It is funny that only a decade ago, Jennifer Ringley was a considered an exhibitionist; that her behavior was deemed extravagant; that critics were quick to judge and say that clearly she is lacking something in her life and is trying to fill that void by broadcasting herself to the world.
In the decade since, the irony is that we have all become exhibitionists. While once, we were appalled by the fact that someone would allow us to enter their "private" world, now it is expected that one has some form of social profile. Your private profile becomes your public forum.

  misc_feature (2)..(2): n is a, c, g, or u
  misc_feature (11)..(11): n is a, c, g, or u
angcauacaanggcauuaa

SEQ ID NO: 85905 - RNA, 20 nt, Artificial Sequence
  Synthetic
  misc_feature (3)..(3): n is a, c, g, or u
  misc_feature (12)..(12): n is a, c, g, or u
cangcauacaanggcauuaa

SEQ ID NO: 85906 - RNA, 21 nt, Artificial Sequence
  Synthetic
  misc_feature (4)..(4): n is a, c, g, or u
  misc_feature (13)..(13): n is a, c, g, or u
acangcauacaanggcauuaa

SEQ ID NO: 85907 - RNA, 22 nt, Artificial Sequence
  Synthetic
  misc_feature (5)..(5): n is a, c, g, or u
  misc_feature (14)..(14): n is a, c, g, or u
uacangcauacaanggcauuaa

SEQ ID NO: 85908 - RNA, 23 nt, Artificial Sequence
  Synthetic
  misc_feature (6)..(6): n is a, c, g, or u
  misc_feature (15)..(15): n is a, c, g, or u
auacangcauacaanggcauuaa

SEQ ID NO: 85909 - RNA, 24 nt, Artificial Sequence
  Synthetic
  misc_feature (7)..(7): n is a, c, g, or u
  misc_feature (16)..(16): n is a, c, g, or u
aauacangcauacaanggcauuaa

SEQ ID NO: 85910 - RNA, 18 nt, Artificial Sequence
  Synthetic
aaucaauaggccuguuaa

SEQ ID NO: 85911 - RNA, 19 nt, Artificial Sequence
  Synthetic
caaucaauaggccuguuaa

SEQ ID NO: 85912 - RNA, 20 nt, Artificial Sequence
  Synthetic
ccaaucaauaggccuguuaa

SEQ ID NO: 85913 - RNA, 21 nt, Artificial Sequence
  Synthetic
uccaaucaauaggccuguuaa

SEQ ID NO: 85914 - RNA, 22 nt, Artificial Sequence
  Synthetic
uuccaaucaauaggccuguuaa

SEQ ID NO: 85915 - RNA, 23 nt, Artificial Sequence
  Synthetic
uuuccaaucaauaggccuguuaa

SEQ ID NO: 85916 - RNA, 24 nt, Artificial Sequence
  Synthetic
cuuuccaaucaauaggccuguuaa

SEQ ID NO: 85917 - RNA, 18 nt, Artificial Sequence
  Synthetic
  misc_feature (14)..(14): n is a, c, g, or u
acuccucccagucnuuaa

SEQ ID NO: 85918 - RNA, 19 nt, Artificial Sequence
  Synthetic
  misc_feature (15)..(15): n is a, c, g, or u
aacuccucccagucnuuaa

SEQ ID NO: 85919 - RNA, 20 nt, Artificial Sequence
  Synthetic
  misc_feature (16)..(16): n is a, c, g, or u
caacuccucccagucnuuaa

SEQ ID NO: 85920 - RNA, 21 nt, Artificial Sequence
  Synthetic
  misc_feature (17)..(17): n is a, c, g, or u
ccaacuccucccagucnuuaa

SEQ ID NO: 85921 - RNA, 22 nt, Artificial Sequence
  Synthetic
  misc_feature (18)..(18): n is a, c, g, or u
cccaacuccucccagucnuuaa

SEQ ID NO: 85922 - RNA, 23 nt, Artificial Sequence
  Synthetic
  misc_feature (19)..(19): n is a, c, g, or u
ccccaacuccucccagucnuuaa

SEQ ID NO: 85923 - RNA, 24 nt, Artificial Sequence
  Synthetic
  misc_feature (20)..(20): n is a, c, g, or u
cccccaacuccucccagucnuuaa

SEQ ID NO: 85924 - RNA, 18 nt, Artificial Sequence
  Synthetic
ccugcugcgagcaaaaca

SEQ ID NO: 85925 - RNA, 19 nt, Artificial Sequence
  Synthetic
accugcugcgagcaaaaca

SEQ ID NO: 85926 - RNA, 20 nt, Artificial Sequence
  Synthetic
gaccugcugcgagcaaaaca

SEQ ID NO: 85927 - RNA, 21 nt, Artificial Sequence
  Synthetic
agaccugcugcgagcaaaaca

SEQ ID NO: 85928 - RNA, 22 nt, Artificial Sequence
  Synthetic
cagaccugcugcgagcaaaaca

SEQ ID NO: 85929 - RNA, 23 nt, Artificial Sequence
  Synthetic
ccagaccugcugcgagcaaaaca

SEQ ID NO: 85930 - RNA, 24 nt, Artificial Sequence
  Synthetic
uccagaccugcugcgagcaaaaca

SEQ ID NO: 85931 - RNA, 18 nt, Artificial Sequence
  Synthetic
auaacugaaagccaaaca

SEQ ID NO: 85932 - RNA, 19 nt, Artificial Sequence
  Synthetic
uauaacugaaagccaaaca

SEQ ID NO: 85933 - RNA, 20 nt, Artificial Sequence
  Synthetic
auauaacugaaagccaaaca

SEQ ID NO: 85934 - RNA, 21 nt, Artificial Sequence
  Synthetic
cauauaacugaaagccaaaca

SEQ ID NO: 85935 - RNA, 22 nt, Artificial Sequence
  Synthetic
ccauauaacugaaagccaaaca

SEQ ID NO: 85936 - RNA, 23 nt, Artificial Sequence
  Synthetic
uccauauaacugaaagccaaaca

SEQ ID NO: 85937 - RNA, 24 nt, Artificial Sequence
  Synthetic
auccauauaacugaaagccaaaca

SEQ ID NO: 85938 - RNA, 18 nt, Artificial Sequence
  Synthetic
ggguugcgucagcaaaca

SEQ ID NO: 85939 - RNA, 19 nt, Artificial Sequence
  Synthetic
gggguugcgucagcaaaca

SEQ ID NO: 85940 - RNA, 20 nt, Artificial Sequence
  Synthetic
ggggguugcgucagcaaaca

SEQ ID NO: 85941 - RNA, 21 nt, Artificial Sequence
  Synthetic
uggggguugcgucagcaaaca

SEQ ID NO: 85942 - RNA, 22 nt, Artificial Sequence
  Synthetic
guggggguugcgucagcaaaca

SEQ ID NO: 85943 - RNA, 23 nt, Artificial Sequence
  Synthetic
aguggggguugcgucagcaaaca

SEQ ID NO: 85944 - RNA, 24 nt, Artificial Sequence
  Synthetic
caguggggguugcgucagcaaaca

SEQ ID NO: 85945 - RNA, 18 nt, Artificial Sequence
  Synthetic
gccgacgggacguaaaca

Burgin writes, "The person who violently demanded that Jenni perform a striptease seems blind to the fact that Jenni never does anything else." (86) That is what we are all doing nowadays. We share parts of our lives so that our friends and strangers can demand for more. Thus, I also find it interesting how the focus seems to be on these exhibitionists and understanding the motives behind why they chose to display their lifes. However, perhaps what we should be studying or asking now, is why do we care so much? Why do we feel like we have a right to have access into a person's life? Consider this benign example on Facebook. With the new privacy settings, do you feel frustrated when you do not have access to a person's photos, wall, etc right away? Sure, everything now on the Internet can seem like a window, but why must they necessarily be transparent? A little cloudiness once in a while can't hurt.